Kindly Father Davey tried valiantly to comfort the inconsolable Miss O’Neill that night; he could smell the port on her, and was well aware of the poor soul’s obsession with the diabolic.
On Sunday morning, the sight of the open gate filled Ted with consternation; but his fears were soon allayed when he caught partial sight of his beloved Gertie slumbering deeply in her shed.
The gross violation of the church stunned the village. Wild and wise opinions abounded as to the culprit. It was finally agreed that the vandalism was the work of a rogue animal; the consensus being a pig. However, the sheer size of the footprints was wont to keep speculation a-kindle.
Up until her death, Miss O’Neill enjoyed a certain celebrity amongst a small coterie of parishioners – passionate believers who wouldn’t be swayed from the claim: that on that night in September, 1959, the Devil, in all his depravity, had imposed his monstrous presence on their beautiful little village.
Dingbat goes for a ride
by Lawry Herron
Dingbat was asleep on the verandah when they pulled up. Slavvo got out of the driver’s seat and walked over. His jeans were torn at the knees and oily down the thighs and he had his cowboy shirt on. He toed Dingbat in the meat of his thigh, not quite a kick –
‘Geddap, bro, you’re comin wid us. Dis is a special ride in your honour. Your lucky day.’
Dingbat knew not to argue. He wriggled his thongs on and half-crawled to the wagon, heading for the far side.
‘ Inna back with Kogan here n mind Pigdog doesn ged a taste for ya.’
Kogan moved over then Doggo came round from the front and got in so Dingbat was sandwiched in the middle. That left Slaggers in the front with Slavvo. Pigdog panted away in the rear, gobs of his slobber dribbling on the butt of the gun. Dingbat didn’t want to look at the gun. There was an axe and a shovel too.
‘Dja get ya licence back?’ No answer from Slavvo.
‘Shuddup, bro’, from Slaggers.
Dingbat couldn’t see a rego sticker either but he didn’t say it. Slavvo was getting the tail to hang out on the gravel corners and the dust was coming under the doors. Kogan threw his empty Bundie can out the window. Dingbat couldn’t tell where they were going. It was a bad track and pretty bushy but he didn’t ask. Best not.
They pulled up and sat and the exhaust pipe tinkled as the heat went out of it. The bush had that hot bushfire feeling. Still and quiet. No birds. They listened and there was nothing until Kogan popped another Bundie and Coke. Then truck noise from the highway a long way away. Pigdog panted and slobbered all the more in the back. Dingbat felt his own and Doggo’s sweat and Kogan’s Bundie breath was sick.
‘Nobody about. This’ll do. Your big moment, bro.’
The four got out but Dingbat stayed sitting. ‘Geddout, bro, this is for you. Like I said, your lucky day. Geddout.’
Dingbat got out. He didn’t stretch like the others had; he didn’t look around; he squinted against the glare and scratched his bum and his forearms and eased his shorts. His mouth was dry and he swallowed. ‘Any water?’ No answer. He walked a couple of paces and bark crackled and a crooked stick flicked up and scratched his shin. He stood and watched Doggo open the tailgate. Slavvo reached in for the gun; the barrel banged against the petrol can as he dragged it out. He hefted it and swung it back and forth across Dingbat’s belly. His mouth grinned but his eyes didn’t. He broke the gun and there was the shine of a brass shell-cap in each barrel. The closing snap was sharp and echoed off the car and away into the scrub. Dingbat felt his guts turn over. ‘Wadda ya gunna do, Slavvo? I haven’t done anything to ya.’ No answer.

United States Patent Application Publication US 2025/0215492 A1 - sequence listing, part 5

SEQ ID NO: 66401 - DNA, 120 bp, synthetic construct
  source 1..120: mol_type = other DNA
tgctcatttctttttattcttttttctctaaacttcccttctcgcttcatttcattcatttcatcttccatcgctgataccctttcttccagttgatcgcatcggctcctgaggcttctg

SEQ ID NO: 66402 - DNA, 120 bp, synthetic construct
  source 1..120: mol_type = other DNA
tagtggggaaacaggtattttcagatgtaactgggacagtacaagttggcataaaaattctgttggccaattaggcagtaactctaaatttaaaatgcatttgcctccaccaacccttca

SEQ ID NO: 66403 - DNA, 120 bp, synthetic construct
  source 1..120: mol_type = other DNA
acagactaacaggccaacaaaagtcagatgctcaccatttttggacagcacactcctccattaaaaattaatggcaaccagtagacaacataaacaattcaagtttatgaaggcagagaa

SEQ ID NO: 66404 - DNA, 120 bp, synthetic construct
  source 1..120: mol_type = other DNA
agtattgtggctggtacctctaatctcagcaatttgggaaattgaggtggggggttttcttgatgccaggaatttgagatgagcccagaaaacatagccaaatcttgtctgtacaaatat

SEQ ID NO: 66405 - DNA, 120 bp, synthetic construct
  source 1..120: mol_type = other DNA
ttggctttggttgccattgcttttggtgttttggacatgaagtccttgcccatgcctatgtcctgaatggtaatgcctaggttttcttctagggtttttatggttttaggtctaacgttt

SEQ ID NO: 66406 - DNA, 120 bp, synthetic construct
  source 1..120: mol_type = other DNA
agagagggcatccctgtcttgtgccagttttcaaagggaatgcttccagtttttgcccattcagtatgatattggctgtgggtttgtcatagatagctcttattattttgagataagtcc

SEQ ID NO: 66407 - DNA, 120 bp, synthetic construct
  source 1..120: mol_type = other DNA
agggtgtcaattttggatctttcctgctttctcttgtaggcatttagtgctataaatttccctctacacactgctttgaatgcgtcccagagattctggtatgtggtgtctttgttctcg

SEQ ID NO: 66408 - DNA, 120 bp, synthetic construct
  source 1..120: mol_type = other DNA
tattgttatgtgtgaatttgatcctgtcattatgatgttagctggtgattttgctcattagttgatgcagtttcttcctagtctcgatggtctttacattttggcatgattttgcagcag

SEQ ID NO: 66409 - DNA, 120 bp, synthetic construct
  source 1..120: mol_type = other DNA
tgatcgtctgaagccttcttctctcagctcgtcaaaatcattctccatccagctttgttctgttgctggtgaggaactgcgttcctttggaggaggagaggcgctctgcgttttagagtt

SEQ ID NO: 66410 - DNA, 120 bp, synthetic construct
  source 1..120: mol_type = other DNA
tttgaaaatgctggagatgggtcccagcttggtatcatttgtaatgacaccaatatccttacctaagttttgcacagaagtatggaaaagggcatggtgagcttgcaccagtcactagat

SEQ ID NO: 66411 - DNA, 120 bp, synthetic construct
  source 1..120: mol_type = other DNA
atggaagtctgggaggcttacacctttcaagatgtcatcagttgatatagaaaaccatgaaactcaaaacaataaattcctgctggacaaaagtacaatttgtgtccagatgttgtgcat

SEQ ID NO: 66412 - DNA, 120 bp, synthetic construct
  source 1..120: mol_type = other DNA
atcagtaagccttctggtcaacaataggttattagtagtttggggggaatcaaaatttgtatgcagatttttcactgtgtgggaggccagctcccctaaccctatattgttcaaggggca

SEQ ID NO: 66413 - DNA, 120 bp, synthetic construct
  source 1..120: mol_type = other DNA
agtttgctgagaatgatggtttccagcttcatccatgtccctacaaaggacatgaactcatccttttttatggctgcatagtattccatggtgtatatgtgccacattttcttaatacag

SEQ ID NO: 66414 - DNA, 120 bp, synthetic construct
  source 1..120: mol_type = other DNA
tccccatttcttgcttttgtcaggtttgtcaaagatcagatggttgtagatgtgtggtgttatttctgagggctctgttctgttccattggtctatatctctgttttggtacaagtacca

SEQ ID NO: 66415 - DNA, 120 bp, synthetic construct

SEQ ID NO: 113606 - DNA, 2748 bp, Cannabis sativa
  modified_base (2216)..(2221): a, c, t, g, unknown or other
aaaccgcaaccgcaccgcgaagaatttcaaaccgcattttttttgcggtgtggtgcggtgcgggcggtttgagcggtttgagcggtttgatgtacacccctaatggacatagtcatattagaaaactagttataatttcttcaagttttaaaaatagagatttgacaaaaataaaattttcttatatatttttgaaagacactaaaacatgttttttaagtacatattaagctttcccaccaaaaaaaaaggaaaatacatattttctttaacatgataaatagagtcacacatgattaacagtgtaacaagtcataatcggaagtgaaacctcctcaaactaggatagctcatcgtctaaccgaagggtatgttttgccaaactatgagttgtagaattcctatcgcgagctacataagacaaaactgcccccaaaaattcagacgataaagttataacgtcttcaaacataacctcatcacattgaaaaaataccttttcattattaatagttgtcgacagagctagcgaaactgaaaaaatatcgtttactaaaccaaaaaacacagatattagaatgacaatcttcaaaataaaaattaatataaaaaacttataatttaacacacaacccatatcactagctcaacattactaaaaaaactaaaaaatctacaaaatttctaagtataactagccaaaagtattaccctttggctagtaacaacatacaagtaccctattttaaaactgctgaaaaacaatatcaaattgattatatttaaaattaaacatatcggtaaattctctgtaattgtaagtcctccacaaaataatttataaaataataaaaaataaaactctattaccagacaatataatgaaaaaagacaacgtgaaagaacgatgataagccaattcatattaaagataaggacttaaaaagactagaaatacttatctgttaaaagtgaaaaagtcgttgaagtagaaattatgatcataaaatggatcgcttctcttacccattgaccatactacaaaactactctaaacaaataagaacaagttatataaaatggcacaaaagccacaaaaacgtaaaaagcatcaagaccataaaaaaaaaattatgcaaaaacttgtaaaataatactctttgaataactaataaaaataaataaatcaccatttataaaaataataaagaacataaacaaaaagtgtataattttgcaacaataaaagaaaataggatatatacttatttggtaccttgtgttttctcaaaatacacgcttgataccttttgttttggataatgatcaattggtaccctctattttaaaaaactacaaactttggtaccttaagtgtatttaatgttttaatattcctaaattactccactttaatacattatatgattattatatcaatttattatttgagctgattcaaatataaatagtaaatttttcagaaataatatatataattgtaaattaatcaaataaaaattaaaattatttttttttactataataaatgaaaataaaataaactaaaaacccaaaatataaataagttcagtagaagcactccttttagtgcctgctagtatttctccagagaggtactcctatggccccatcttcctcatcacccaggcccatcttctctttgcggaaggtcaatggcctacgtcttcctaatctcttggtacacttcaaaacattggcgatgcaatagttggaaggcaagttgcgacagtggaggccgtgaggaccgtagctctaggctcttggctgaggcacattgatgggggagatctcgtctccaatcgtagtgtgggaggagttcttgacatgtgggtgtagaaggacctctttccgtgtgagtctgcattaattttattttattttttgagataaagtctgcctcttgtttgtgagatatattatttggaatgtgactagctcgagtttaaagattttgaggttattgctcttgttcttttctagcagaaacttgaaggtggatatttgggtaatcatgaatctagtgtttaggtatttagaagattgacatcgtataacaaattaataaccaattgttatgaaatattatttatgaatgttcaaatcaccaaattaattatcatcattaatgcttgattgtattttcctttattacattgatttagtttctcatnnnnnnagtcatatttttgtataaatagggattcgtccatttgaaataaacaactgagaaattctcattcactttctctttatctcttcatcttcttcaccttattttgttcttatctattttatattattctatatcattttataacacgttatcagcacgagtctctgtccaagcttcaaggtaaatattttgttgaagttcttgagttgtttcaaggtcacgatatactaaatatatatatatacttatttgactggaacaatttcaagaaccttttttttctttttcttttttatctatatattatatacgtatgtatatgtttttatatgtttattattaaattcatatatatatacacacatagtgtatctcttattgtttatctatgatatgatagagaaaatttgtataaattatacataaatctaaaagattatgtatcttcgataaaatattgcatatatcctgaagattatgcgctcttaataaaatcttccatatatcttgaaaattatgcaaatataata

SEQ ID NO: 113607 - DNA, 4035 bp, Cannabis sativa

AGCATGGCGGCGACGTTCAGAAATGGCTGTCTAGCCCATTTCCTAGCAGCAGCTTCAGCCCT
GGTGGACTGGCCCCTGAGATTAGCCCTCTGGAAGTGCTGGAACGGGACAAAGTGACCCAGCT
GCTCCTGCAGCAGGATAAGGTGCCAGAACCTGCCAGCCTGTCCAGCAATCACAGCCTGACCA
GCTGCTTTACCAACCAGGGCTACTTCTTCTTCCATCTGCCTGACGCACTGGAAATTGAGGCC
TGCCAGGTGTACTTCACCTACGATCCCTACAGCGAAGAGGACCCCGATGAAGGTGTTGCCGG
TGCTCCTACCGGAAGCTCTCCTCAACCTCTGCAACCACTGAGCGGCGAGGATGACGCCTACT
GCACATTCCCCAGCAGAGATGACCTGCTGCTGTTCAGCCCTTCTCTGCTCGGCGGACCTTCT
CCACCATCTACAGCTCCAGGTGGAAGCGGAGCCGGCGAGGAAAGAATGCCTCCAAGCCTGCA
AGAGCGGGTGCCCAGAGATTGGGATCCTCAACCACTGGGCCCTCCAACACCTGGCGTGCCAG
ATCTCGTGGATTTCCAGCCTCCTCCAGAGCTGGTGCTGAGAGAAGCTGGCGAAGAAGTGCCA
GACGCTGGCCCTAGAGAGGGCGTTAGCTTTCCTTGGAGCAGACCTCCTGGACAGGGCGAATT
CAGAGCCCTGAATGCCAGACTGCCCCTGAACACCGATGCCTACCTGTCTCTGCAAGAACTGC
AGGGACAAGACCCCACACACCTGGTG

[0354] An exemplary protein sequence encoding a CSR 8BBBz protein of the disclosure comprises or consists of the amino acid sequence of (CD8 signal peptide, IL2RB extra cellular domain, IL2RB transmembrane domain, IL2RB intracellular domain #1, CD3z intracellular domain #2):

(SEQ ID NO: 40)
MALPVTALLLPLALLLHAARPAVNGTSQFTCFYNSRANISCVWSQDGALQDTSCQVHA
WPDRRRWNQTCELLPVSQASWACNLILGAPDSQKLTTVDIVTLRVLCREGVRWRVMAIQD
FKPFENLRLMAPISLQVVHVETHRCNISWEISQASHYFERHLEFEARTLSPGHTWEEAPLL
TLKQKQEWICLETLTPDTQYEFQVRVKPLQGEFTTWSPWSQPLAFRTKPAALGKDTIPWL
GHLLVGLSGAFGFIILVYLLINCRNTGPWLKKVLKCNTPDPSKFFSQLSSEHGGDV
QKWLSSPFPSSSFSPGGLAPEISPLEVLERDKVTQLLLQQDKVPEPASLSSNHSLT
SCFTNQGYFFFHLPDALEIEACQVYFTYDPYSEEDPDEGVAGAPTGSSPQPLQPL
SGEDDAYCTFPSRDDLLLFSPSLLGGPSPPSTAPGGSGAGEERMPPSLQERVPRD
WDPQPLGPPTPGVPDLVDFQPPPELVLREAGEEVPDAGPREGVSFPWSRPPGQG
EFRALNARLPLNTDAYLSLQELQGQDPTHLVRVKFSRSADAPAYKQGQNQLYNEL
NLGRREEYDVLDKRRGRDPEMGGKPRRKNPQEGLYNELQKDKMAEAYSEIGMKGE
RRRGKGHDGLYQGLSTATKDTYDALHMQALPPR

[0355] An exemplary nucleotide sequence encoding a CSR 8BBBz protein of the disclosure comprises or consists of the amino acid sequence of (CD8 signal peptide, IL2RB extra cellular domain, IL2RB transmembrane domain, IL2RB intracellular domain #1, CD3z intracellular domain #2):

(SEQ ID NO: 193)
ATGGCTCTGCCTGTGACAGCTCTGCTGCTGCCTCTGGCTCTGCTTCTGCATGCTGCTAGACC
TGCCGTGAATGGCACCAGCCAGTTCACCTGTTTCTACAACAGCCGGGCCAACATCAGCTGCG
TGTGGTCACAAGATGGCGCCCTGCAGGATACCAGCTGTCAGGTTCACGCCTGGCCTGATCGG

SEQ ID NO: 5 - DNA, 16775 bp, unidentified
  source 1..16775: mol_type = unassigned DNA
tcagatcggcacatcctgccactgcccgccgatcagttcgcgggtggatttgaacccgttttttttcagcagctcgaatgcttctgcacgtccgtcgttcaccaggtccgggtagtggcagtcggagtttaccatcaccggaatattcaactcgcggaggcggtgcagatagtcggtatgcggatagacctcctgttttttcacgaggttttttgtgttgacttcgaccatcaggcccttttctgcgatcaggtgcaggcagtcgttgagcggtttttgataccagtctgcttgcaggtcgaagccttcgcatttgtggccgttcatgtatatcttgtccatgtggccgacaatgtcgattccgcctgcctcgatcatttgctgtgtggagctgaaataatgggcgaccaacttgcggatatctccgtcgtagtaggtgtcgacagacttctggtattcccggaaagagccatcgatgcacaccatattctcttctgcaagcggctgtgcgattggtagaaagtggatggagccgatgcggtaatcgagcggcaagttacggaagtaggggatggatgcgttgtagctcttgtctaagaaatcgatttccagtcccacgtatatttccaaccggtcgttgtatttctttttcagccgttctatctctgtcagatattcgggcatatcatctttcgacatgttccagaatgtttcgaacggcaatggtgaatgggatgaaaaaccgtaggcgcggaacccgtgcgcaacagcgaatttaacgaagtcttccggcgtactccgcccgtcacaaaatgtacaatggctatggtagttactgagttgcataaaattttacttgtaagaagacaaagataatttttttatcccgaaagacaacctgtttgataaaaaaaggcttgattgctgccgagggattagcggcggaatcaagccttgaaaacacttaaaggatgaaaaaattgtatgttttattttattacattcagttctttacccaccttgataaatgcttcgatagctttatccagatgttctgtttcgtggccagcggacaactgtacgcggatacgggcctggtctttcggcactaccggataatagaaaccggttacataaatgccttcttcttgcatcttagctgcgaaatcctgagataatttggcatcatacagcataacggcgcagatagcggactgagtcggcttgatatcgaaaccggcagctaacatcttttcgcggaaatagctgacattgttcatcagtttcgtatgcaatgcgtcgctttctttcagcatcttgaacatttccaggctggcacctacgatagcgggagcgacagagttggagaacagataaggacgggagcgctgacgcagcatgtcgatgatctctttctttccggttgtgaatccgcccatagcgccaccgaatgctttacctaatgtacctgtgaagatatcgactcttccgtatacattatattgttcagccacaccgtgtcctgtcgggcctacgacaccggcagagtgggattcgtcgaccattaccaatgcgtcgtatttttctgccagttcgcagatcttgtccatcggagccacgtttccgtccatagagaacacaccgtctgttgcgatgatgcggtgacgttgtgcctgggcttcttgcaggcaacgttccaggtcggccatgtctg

A siren went south away on the highway. Doggo looked that way and said, ‘Police.’
‘Na, ya dong, ambulance. Police are different.’
‘You’d know, Slavvo.’
‘Shuddup and get your stinking old dog out.’
Pigdog came out. He was white, sort of, with blue and black patches and he had mange all over one hip and both ears were ragged from fights with pigs and other dogs; his ribs were scarred and his offside back leg was crooked. He hung his head and slobbered but when Slavvo gave the gun to Dingbat the old dog looked around as though there might be pigs.
‘Doggo doesn’t want to do it. So you get to feel what it’s like to kill something up close and personal. Say goodbye to him Doggo, if ya want to.’
‘I can’t. Just get it over. Youse can bury him and pick me up back down the track. Just bury him – don’t burn him.’
Pigdog’s yelp came through the ringing after the explosion and he arched around and bit at the wound and then was still. Dingbat felt powerful and sick. He was shaking but he broke the gun and popped the spent cartridge and the live one and put the gun back in the wagon.
‘Ya did good, Dingbat’, said Slavvo. ‘None of us wanted to do it, either. Get the shovel, Slaggers.’
They were still quiet on the ride back. There was one Bundie left and Kogan gave it to Doggo.